“I’ve had a very good year,” said Rich Caplan, broker at The Hermitage Deerfield Valley Real Estate in Dover. “The office in general has had a good year. We’ve gotten a late season push this year, just with general real estate. Typically I don’t have deals in my hopper this time of year, we’re usually in between the fall and winter selling seasons.”
The numbers bear that optimism out, says Wilmington broker Meg Streeter.
“According to the MLS data I’m seeing,” said Streeter, “sales of single-family homes and condos are up 20% over 2016 for the county. Dover and Wilmington are lagging a little, only up around 10%. But the trend is up since 2012.”
“I’m way up,” said broker John Redd, of Ski Home Realty in Dover. “Part of that is because we’ve diversified. I used to play the trailside niche, but now we’re selling a lot of stuff. I have five agents working with me and everybody has their own specialty.”
While local sale prices range broadly, all brokers agreed the middle of the price range was where most sales seem to be falling.
“It’s still the middle market that sees the bulk of the sales,” said Streeter. “The median price for a single family home in Dover or Wilmington is still around $240,000. That price range should get a buyer a three-bedroom home or condo in good condition.”
“There’s plenty of stuff in the mid to low end of the price range,” said Redd. “I’ve seen sales of less than $150,000 for a house, or a three-bedroom condo at Deer Creek for $150,000. There’s a new listing of a Timber Creek condo at $209,000. That’s still a deal.”
All of the brokers noted that pricing has been relatively flat around the valley for a decade or more, and that little new inventory is being built by developers. That has made for a strong resale market.
“The interesting thing is with all of our inventory here, it’s very price sensitive,” said Caplan. “People need the value proposition. If they think ‘I’m getting a good deal,’ they’re pulling the trigger. That’s the value proposition, along with the price point.”
Redd echoed Caplan’s point. “There is a ton of inventory. More and more property keeps coming on the market. The biggest challenge is sorting though what is value and what’s properly priced.”
Caplan also noted that with so many resales, part of the value proposition includes renovation work on the purchased property. “There is so much renovation work in this valley, it will go on for the next umpteen years.”
But the market outlook is not completely rosy. High-priced properties, in particular, have a ceiling here in the valley that might be lower than other areas in Vermont. Streeter said about the same number of million-dollar homes have sold this year as last year. Caplan noted that uncertainty about the Hermitage Club’s financial situation had cooled the market for homes around Haystack. Redd had a listing for a house that was built for more than $6 million that didn’t sell. The slopeside mansion at Mount Snow eventually sold at auction for $1.9 million this summer.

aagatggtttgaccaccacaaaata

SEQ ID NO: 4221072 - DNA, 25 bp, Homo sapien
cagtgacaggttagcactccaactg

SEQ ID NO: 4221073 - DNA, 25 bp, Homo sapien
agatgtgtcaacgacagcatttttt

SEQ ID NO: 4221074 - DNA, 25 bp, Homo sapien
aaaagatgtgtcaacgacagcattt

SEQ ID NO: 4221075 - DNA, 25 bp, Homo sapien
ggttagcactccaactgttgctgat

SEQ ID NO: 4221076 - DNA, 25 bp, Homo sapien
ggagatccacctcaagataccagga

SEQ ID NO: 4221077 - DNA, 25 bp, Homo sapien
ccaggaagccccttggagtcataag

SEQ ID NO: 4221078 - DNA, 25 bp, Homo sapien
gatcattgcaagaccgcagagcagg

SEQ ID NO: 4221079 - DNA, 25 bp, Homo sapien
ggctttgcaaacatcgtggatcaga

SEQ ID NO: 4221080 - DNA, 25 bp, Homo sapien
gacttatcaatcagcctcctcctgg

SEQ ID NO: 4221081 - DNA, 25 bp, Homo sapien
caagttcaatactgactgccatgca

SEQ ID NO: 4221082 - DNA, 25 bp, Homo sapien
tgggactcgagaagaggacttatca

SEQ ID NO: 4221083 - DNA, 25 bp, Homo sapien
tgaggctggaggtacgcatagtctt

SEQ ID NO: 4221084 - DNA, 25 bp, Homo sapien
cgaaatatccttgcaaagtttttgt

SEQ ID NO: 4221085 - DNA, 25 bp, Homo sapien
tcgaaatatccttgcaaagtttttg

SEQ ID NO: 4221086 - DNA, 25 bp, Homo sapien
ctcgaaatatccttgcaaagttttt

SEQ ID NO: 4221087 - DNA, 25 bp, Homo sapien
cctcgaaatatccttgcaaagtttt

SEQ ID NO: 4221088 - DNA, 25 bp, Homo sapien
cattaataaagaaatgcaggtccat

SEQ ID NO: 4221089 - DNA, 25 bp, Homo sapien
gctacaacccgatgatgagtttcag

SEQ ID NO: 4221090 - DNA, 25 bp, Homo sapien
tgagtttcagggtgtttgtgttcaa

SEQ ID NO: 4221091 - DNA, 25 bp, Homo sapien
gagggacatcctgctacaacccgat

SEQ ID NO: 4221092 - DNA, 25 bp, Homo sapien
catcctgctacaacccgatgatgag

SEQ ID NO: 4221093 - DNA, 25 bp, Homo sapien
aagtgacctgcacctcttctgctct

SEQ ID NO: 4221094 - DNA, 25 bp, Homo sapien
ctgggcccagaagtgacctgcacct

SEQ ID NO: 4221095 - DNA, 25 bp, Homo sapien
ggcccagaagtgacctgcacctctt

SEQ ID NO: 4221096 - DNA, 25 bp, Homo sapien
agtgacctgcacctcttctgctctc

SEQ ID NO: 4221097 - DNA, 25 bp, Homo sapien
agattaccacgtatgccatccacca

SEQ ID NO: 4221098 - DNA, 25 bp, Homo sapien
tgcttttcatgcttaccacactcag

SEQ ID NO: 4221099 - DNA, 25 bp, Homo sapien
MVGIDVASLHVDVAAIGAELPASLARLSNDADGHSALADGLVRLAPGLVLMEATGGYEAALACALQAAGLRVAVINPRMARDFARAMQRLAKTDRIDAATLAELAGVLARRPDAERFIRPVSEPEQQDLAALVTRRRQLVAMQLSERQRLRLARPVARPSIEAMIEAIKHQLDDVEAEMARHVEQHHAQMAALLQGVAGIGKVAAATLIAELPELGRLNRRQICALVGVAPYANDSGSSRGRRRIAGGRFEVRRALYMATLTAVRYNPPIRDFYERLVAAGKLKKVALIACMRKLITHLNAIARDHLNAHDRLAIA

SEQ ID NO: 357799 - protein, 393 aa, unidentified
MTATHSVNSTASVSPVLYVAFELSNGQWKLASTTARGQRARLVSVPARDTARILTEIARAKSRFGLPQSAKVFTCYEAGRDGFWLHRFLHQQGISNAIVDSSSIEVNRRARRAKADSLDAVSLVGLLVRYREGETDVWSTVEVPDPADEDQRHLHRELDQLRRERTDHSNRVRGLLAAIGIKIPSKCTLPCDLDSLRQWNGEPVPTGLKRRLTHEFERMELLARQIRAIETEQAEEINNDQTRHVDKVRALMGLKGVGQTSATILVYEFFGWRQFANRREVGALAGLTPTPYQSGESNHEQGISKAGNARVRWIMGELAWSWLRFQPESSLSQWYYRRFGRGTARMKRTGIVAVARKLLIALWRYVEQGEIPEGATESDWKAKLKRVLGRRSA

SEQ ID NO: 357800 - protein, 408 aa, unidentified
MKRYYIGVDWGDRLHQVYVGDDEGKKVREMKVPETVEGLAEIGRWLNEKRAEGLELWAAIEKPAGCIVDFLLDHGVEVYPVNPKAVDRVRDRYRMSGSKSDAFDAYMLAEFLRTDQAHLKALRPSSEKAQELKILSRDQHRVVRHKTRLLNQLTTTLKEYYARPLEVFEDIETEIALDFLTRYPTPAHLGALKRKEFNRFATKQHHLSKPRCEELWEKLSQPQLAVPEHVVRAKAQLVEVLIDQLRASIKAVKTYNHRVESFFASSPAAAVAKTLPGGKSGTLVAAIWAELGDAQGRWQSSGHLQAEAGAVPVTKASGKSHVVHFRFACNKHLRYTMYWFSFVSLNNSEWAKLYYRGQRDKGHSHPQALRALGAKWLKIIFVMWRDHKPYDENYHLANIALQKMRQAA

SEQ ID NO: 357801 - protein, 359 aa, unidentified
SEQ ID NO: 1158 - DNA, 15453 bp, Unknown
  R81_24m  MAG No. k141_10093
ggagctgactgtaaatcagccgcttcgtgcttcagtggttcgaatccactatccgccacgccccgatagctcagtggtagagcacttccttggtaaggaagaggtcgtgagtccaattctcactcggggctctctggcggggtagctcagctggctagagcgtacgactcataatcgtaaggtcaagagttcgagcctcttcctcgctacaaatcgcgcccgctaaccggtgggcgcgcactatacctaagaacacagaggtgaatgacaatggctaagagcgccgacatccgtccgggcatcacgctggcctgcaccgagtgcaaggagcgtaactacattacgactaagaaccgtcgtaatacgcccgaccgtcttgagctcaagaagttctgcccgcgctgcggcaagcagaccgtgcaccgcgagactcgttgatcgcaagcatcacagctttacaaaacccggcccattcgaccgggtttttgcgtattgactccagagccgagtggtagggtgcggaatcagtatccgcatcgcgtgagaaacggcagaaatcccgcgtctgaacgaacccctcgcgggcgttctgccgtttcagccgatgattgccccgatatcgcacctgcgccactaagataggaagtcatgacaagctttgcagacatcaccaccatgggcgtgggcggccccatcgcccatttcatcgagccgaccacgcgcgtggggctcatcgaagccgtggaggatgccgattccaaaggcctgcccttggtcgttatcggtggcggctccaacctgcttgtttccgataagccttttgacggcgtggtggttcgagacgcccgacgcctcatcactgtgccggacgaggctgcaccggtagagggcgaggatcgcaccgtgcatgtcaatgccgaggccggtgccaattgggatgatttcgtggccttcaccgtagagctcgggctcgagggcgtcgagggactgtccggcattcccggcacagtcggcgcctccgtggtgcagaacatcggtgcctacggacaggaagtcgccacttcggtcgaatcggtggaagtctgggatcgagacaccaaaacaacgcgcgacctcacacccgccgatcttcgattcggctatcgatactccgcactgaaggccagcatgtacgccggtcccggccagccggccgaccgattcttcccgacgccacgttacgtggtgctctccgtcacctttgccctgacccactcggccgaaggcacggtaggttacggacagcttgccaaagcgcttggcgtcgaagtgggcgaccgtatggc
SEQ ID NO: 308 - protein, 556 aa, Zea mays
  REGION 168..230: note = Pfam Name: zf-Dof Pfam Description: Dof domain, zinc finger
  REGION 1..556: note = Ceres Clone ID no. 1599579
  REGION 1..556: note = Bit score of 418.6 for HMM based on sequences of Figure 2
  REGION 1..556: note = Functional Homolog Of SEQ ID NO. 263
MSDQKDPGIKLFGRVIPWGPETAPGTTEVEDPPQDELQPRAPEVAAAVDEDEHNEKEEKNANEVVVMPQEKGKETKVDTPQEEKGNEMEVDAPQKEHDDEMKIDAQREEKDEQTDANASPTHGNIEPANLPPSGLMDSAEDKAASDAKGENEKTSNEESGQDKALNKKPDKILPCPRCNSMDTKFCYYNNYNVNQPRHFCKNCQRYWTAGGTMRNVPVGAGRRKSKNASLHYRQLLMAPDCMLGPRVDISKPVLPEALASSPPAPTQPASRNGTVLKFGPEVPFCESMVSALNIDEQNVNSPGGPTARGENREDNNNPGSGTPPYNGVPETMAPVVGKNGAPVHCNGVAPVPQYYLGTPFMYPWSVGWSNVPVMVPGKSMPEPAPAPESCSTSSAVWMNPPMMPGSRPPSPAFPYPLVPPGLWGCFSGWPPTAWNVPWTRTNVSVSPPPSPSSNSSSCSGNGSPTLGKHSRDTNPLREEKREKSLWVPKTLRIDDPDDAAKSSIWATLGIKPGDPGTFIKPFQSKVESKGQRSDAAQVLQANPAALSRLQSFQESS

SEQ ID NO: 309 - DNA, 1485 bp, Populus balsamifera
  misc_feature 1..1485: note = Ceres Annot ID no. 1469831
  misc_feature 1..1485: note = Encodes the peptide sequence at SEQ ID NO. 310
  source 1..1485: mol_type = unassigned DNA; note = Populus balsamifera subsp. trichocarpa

“That tells me the top end of our market is about $2 million,” said Redd.
Compared to other resort areas, that’s a bit low for high-priced housing. According to vermontrealtors.com, a single-family home in Stratton sold for $2.4 million in November, higher than any property that has sold in the valley this year.
Affordable housing can also be an issue. While numerous properties are available on the market at the low end of the price scale, they may come with a hidden cost.
“Affordable housing is really, really tough,” said Streeter. “That’s the challenge here. Houses in this area are 1970s-era chalets that need everything renovated.”
Caplan was more optimistic. “For somebody who’s a fairly low wage earner, there are great deals here. This is a great place to live, there’s a lot of inventory, and there are good deals out there.”
But Caplan is concerned about some of the aging inventory as well, and he cited a condominium development built in the early 1980s.
“Timber Creek has a special assessment coming up for $25,000 per unit. They will be re-siding everything. It will be really interesting to see how that $25K will affect future sales. Their association dues are already $600 month. Some vacation-home owners may not be willing to pay that. It’s going to drive the prices down.”
Redd noted that vacant land sales are difficult. He described a sale by one of his office’s agents that closed for $5,000, netting a $250 commission, and said he has yet to sell a single lot at Sundance Village, a planned slopeside development at Mount Snow.
“Second-home owners aren’t interested in actually building a second home,” said Redd. “Selling high-priced lots takes a lot of work. The buyer has to find an architect, pick out furniture, cabinets, and paint, and make a lot of decisions. It’s too much for many.”
Streeter added she was concerned with the number of vacant commercial properties in Wilmington village.
But overall, the brokers are optimistic about the future of the local real estate market, and each of them has decades of experience in the valley to back that up.
“I think it will continue,” said Streeter. “Mount Snow is still the main draw, and everybody is hopeful the Hermitage Club will come along.”
“The real story,” said Redd, “is the tremendous sense of optimism because of Mount Snow and the hope that the Hermitage Club will get its act together.”
“I’m encouraged, overall, that we’re going to have a good year,” said Caplan.